Sunday, April 3, 2011
Foo Fighters: Wasting Light review
For the last few months, Dave Grohl has been touting the new Foo Fighters album as a back to basics barn burning rock behemoth. All I can say is if you're talking about barn burning like this, you better not be talking about Farmville - I want apocalyptic visions of a whole valley of Amish barns on fire.
The promise of a great rock record with no filler is an enticing one to fans of the genre and Grohl has the pedigree to pull it off. The check list on the album was promising:
a) Grohl coming off drumming for Them Crooked Vultures inspired and ready to rock - check.
b) Re-union of Nevermind alumni Butch Vig and Krist Novoselic - check.
c) Guest appearance by Bob Mould - check.
d) Return of original line up member/Germs guitarist Pat Smear - check.
So with these ingredients, did Grohl pull off the rock album of the year? I want to say yes but Wasting Light is good but not great. There are some exceptional songs here but the album is let down by its track order as well as some weaker songs at the back end of the album.
The album starts with a quadruple punch of awesome. The first song Bridge Burning is exactly what Grohl promised and is a good old fashioned throw-your-devil-horns-to-the-heavens-and-air-guitar-rock-out moment. The final section where Grohl sings "Gathering the ashes" is the first goose bump moment on the record and is a perfect lead into the single Rope. At first, I wasn't that impressed by this song but after a few listens, it has the infectious quality of the Foo's best work - Dave sure knows how to pick a single.
Dear Rosemary is a more plaintive work and features Bob Mould on backing vocals and guitar. The song wouldn't be out of place on any of Mould's later solo album and has a halting, emotive quality. The call and response between the two singers in the latter part of the song is an album highlight and shows why at his best Bob is one of the most distinctive and moving voices to come out of the 80's punk scene. This is swiftly followed by White Limo, which seems to be Grohl's tribute to Motorhead. If having Lemmy in the video wasn't enough of a hint, the solo is a pure Motorhead overkill. However, this is where things start to wind down on the album.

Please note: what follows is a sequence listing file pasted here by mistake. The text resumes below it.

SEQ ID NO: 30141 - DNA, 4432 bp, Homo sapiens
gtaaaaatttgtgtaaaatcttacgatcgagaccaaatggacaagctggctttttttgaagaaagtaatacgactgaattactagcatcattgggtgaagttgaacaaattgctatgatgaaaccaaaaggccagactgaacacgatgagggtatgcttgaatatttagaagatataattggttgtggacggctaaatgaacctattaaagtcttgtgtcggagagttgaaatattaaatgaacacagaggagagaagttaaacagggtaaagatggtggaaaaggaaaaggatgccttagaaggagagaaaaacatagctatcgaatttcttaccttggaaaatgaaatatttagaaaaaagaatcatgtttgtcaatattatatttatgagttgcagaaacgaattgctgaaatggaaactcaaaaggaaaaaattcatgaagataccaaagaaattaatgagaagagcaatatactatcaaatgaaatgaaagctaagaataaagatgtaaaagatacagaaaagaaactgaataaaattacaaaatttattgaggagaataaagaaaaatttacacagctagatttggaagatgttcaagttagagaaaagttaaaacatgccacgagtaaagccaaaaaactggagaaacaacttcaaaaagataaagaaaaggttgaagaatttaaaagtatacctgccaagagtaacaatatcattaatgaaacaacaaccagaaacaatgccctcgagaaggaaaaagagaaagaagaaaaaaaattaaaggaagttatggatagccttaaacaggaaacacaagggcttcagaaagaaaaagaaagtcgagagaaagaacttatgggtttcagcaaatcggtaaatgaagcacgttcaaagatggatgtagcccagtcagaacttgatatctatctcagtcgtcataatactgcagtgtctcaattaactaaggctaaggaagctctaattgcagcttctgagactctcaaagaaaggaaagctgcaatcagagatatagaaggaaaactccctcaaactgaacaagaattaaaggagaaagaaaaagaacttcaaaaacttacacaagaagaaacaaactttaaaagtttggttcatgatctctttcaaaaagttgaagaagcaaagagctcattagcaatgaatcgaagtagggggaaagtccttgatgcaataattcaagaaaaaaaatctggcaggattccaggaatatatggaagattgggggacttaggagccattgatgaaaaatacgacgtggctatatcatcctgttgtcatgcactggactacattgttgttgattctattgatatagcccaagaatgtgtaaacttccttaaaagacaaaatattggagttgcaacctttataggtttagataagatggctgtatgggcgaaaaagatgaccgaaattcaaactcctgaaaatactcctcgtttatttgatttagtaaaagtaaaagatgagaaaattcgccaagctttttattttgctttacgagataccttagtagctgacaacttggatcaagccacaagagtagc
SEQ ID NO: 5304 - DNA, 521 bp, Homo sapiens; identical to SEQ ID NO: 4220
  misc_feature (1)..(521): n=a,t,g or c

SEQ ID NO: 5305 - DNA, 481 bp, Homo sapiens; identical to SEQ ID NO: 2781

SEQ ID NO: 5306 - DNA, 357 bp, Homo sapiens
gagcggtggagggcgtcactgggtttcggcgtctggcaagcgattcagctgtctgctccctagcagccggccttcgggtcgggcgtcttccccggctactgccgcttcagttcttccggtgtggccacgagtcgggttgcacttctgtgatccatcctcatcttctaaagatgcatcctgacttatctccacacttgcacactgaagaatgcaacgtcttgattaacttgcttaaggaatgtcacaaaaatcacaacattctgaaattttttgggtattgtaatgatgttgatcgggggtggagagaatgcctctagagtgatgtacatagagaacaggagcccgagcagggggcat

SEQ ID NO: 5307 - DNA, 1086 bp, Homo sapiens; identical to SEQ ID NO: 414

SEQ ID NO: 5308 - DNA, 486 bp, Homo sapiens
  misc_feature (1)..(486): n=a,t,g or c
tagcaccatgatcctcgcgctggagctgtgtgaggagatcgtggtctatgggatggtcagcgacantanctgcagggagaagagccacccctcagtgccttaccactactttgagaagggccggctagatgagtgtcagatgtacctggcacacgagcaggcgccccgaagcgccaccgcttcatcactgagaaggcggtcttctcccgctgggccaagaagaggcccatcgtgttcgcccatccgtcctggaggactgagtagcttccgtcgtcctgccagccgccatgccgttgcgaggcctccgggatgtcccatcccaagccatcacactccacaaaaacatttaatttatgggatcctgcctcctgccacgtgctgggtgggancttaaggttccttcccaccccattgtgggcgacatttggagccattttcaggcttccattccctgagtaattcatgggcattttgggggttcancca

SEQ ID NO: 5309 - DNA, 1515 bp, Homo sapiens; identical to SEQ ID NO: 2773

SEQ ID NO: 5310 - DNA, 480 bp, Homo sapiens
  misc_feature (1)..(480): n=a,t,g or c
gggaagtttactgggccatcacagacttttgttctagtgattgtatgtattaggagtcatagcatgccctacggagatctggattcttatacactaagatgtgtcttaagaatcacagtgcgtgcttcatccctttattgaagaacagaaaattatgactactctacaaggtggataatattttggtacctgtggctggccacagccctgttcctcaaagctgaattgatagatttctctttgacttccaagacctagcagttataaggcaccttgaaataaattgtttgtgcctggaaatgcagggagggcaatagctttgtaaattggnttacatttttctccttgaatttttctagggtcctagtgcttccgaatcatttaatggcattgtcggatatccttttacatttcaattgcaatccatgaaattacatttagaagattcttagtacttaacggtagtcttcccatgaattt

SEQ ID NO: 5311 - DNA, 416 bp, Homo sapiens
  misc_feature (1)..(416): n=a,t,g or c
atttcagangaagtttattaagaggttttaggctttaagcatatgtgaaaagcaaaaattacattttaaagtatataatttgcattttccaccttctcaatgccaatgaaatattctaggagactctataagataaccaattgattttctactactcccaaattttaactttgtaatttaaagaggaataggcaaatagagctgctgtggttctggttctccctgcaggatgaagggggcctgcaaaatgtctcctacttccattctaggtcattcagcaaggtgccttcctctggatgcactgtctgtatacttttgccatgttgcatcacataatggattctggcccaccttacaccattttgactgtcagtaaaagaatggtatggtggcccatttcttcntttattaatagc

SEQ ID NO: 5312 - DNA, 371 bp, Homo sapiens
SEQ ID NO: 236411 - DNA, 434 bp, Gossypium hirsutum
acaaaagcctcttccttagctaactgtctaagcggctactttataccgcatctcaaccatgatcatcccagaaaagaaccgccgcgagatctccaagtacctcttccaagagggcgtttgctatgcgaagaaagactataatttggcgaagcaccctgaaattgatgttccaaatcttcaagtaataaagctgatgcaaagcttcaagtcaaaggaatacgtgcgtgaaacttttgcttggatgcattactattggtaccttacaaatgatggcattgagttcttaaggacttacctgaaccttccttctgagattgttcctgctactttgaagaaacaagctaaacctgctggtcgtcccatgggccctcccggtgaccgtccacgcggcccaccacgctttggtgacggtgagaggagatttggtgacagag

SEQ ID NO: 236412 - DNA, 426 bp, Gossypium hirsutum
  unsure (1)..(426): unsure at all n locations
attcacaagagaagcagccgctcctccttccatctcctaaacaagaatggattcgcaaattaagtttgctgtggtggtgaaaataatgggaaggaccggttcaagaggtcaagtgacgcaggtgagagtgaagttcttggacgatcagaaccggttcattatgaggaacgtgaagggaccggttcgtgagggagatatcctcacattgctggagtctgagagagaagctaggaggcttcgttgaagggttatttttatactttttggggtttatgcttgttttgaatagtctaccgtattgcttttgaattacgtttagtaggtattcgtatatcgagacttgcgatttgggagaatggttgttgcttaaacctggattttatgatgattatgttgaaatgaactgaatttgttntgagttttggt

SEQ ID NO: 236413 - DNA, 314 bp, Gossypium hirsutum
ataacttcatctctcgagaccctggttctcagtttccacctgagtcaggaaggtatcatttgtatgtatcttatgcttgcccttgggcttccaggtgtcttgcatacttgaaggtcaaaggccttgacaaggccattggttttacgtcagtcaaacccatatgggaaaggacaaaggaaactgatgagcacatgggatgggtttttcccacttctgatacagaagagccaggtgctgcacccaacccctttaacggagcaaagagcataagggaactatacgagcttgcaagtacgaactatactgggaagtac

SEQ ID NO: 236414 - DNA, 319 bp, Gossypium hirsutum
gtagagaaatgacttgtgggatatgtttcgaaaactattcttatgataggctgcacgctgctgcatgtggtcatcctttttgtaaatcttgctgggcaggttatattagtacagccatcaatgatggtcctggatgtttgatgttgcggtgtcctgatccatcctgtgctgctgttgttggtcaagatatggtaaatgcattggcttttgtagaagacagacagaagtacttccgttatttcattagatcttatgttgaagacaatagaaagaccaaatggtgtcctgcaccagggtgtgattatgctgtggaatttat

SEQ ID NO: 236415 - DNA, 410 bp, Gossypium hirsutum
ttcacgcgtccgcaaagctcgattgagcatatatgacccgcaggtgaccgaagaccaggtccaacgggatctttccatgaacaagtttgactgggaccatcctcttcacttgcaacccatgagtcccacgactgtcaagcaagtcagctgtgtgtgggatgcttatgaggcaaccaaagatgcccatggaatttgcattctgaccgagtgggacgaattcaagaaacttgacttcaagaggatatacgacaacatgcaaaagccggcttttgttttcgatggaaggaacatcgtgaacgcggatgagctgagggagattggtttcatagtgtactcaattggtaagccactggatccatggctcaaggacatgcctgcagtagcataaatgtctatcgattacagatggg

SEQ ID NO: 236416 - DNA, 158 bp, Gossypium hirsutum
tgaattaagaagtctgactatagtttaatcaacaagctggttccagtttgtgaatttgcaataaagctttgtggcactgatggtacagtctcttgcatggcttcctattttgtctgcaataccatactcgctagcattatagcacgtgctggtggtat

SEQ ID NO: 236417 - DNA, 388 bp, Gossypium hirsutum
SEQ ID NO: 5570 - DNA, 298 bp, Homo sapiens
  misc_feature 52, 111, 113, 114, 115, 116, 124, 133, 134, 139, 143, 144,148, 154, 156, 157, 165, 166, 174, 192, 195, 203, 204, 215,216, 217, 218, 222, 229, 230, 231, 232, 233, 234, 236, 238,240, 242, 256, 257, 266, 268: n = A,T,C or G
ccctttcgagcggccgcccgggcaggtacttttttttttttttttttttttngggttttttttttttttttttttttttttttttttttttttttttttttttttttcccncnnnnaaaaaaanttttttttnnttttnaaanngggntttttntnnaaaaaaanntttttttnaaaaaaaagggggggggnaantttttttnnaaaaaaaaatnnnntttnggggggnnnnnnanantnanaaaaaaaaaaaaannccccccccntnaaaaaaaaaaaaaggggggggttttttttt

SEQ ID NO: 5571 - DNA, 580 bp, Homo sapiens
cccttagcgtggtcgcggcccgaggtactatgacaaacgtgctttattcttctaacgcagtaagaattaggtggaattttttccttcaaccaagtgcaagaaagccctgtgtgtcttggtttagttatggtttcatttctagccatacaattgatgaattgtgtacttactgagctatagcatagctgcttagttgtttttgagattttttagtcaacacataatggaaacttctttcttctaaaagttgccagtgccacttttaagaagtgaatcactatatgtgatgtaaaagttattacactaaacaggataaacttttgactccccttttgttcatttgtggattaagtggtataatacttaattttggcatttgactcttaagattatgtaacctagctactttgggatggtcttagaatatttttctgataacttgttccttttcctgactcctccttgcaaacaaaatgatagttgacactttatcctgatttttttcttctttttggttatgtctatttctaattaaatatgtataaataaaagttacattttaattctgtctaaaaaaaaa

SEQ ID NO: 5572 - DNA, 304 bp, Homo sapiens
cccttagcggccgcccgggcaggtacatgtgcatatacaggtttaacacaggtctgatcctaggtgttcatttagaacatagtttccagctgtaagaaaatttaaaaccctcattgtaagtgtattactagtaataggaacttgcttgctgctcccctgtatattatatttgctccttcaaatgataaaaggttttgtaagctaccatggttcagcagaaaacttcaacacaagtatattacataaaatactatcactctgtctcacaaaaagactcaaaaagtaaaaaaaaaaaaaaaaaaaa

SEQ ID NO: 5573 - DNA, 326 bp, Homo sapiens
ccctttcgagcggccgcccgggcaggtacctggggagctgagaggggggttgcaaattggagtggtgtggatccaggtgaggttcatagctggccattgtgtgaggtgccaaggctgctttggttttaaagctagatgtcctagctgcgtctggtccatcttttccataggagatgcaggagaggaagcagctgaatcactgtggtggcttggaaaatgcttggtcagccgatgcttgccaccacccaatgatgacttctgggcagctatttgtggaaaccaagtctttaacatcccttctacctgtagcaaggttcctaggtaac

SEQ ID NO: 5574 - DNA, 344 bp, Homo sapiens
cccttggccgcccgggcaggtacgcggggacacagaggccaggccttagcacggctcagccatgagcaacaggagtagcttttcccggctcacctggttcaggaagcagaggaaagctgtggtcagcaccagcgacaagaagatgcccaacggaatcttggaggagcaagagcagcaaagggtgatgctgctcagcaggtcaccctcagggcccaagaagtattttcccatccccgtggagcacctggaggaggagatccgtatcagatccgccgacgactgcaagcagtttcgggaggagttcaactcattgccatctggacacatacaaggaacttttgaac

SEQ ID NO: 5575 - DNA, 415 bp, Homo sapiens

The next track, Arlandria, starts with a riff that is easily the worst thing on the album. However, this is the only time it is played in the song but stands out as a signpost in the shift of dynamics in the record. Pretty much every song from here has a muted verse followed by a thundering distorted chorus which is problematic - being drawn from the same template makes them very samey. Where the opening tracks swing and fight for your attention, the rest seem like assembly line rock for the masses. This is not to say the songs are not good, they're just not in the stratosphere that the early songs promised. I think this may be in part to the track order as I'm surprised no one noticed the lack of variety in the back end of the album. Despite this, Arlandria is actually a pretty good song despite it's shaky start and is ably followed by the remaining tracks but it is middling rather than compelling.
As with any rock record, I think it pays not to pay too much attention to the lyrics. They are singalong fun but not really particularly deep and more fodder for memorable melodies. There's no denying Grohl's sincerity but a lot of the stuff here is rock by rote and rhyme. That being said, Grohl has never sounded better as a singer - there is a lot of variation in his tone and voice on the album and let's face it, he has a pretty great rock scream.
So, Wasting Light is a solid rock record with some real high points but it is not the classic that Grohl has been talking up. As for all this talk of a return to grunge because of the Vig/Novoselic connection, I think that's bullshit given this sounds no different from the music Grohl has been peddling for the last fifteen years. It's definitely one of the best Foo Fighter records but I can't help but think they're an outstanding singles band but don't have the depth for great deep cuts. Maybe I'm being harsh as I've only had a good 24 hours with the record and the latter tracks will grow on me but at first flush - this is less barn burning and more barn bbq. That's ok because it's still good fun and worth the price of admission for any discerning rock fan. What more do you want from a rock record?
The album is streaming here.